Monday 24 October 2016

Grieving Munster plan for Glasgow tie to go ahead on Saturday

Published 19/10/2016 | 02:30

The late Anthony Foley Picture credit: Diarmuid Greene / SPORTSFILE
The late Anthony Foley Picture credit: Diarmuid Greene / SPORTSFILE

Although no official decision has been taken on Saturday's European Champions Cup pool match between Munster and Glasgow Warriors going ahead at Thomond Park, the Irish province have given a strong indication that they will take the field.

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In a statement issued yesterday, the province said they were "working and planning" towards the round two clash despite the tragic death of head coach Anthony Foley in Paris on Sunday.

Foley's funeral will take place in Killaloe on Friday after French authorities established his cause of death as heart disease last night. His body will be repatriated to Shannon today and he will lie in repose at St Flannan's Church from 1.0pm to 8.30pm tomorrow.

Munster's opening game against Racing 92 was called off and tournament organisers EPCR have yet to confirm that the second game will take place.


Tickets for the match, which is scheduled to kick-off at 1.0pm, remained on sale last night and are expected to sell out if the fixture is confirmed as fans flock to pay their respects to the man who led the Reds to their first Heineken Cup in 2006.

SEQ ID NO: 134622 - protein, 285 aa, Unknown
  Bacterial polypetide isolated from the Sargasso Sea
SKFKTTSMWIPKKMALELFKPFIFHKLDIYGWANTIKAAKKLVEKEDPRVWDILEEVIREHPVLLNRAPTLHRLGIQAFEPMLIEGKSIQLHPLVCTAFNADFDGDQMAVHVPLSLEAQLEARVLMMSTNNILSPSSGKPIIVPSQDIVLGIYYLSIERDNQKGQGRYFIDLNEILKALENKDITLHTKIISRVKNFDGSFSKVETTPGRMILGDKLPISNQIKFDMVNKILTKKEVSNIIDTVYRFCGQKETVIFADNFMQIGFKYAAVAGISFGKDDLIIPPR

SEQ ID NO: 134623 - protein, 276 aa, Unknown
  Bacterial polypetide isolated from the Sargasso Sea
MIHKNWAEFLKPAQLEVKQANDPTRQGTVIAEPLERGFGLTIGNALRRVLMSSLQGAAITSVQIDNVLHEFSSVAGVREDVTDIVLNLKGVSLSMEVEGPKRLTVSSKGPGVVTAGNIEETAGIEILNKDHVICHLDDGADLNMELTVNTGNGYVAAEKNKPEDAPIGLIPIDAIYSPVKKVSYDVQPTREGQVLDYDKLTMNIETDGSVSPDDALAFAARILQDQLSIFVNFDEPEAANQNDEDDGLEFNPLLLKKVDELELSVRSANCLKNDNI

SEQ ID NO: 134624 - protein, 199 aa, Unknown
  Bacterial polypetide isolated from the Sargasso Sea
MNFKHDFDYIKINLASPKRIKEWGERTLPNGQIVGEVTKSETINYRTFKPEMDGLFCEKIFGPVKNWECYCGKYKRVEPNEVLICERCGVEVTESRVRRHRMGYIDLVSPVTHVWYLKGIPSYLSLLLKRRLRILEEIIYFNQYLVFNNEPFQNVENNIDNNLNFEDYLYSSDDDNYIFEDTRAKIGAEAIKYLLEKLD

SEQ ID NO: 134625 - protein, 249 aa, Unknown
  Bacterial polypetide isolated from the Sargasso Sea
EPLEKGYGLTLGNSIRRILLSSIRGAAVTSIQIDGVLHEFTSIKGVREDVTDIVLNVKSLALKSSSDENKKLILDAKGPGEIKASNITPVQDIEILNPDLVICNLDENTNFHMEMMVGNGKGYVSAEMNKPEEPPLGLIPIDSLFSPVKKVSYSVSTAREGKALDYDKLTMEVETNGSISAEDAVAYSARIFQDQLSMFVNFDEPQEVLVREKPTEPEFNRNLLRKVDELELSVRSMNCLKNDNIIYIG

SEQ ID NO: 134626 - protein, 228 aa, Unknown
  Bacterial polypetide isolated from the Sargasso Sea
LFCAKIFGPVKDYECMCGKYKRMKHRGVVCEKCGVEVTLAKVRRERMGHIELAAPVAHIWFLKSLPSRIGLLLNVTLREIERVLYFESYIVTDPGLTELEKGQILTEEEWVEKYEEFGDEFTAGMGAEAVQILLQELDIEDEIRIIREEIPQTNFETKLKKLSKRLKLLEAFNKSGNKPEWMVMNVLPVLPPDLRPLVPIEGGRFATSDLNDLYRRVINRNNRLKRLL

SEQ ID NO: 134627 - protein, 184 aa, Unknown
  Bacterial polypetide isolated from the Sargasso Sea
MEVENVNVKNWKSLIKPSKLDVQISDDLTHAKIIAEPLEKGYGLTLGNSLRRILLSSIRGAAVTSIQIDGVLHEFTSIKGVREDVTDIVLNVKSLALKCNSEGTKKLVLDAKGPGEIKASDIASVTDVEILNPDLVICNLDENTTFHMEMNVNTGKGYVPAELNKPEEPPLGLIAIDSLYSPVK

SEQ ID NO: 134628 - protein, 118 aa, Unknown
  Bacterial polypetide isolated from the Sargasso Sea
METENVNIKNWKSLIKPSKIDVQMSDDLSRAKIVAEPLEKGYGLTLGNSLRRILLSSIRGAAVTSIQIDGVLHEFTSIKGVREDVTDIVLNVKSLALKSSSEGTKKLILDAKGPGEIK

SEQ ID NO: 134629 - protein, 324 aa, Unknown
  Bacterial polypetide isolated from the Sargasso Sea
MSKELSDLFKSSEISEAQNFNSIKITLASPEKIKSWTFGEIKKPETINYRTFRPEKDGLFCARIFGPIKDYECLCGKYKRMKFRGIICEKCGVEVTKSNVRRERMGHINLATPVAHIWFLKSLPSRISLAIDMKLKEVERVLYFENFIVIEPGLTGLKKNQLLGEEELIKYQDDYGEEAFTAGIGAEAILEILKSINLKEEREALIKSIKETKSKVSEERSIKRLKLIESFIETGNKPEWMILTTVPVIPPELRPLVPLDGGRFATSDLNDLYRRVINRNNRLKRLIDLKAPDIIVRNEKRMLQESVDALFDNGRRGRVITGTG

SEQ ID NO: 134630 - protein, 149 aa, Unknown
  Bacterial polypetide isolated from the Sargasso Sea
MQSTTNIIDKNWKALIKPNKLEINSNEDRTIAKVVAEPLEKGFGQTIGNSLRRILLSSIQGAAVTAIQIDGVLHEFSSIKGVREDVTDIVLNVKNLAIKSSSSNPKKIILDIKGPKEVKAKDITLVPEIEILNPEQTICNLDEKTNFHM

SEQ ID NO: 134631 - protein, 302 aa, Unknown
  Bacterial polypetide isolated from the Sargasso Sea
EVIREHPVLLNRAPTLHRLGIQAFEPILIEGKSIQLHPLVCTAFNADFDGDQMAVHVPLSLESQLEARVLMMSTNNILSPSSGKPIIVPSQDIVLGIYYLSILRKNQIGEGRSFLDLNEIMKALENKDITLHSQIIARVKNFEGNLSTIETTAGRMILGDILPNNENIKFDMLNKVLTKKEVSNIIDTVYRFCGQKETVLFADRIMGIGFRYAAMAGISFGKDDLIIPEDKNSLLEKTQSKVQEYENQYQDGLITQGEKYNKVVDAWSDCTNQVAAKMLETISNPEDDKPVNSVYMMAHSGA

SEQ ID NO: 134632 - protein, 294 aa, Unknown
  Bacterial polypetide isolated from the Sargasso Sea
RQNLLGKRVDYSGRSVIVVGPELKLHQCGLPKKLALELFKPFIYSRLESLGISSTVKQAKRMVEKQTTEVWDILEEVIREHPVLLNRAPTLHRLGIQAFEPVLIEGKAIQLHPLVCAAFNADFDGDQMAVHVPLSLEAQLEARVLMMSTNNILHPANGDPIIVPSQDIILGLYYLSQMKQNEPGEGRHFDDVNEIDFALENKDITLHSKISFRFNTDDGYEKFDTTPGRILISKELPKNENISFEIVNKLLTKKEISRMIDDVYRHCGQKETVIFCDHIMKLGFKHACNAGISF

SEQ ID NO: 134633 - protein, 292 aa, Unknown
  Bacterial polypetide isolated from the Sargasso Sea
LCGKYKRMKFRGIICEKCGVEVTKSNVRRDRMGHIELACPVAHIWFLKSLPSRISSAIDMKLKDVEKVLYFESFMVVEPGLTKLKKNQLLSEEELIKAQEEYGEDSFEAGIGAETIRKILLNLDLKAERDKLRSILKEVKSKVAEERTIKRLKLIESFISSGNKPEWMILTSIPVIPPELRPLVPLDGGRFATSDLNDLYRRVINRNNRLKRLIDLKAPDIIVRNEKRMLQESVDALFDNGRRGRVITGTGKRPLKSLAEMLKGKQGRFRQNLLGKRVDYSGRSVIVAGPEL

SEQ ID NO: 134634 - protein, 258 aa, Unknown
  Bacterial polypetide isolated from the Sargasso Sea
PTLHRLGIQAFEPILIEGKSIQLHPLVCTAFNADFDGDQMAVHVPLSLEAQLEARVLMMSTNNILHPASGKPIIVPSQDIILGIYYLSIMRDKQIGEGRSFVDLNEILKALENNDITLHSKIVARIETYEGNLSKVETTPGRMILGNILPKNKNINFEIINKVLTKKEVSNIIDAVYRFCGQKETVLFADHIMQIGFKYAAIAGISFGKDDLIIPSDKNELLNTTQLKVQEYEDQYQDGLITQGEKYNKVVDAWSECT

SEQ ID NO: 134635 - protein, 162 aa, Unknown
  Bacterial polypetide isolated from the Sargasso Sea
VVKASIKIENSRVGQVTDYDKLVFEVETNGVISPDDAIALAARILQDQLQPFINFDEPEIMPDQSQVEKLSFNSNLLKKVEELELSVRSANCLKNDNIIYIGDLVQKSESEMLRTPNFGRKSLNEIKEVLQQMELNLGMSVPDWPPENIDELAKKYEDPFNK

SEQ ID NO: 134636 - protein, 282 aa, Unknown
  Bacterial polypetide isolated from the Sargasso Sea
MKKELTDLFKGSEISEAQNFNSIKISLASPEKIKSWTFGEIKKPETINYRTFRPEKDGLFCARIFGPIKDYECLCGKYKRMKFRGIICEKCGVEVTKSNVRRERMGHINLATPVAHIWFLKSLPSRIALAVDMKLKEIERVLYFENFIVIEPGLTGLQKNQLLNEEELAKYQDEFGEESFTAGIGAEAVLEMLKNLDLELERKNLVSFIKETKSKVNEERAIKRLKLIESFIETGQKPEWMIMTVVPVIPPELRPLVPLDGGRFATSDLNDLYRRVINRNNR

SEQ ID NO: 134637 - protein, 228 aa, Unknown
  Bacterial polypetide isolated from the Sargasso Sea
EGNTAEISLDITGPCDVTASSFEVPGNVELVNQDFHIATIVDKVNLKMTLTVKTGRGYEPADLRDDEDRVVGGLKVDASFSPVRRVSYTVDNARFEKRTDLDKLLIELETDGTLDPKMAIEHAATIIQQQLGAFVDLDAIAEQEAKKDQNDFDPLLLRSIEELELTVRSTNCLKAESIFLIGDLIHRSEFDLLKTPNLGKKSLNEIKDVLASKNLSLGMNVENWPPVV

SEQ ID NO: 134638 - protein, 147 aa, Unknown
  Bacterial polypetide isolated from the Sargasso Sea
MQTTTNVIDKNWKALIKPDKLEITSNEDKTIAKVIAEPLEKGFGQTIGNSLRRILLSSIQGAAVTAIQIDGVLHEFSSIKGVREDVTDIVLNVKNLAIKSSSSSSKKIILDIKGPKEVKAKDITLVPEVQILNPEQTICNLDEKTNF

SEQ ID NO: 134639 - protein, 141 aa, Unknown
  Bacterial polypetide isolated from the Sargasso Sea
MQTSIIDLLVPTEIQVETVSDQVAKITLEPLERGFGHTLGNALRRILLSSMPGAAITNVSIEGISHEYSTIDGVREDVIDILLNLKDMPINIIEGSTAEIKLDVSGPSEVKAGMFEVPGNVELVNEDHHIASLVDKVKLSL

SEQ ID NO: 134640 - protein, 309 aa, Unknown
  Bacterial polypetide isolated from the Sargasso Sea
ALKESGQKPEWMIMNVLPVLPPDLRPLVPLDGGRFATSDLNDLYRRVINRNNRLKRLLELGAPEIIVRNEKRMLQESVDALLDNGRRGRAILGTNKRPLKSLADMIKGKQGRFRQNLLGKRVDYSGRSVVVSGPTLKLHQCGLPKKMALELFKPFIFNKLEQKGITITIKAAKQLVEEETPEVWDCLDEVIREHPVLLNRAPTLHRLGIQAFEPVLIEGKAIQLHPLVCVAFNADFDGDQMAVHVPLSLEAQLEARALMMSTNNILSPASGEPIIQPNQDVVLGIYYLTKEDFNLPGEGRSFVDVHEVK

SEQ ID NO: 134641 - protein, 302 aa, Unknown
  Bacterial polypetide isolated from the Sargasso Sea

The squad and management yesterday began preparations for the game, but the statement made clear that their priority is to provide any help and assistance to Foley's family. The Munster 'A' game against Doncaster has been postponed.

"The Munster squad are working and planning towards Saturday's encounter," the statement read. "The squad are following a modified schedule with players and management yesterday signing books of condolence in memory of their colleague and friend Anthony Foley. The thoughts of the players, management and staff remain with the Foley and Hogan families. Assisting them at this time continues to be the priority.

"At an extremely difficult time, Munster Rugby could not be more grateful for the consideration and compassion shown from the wider community."

Irish Independent

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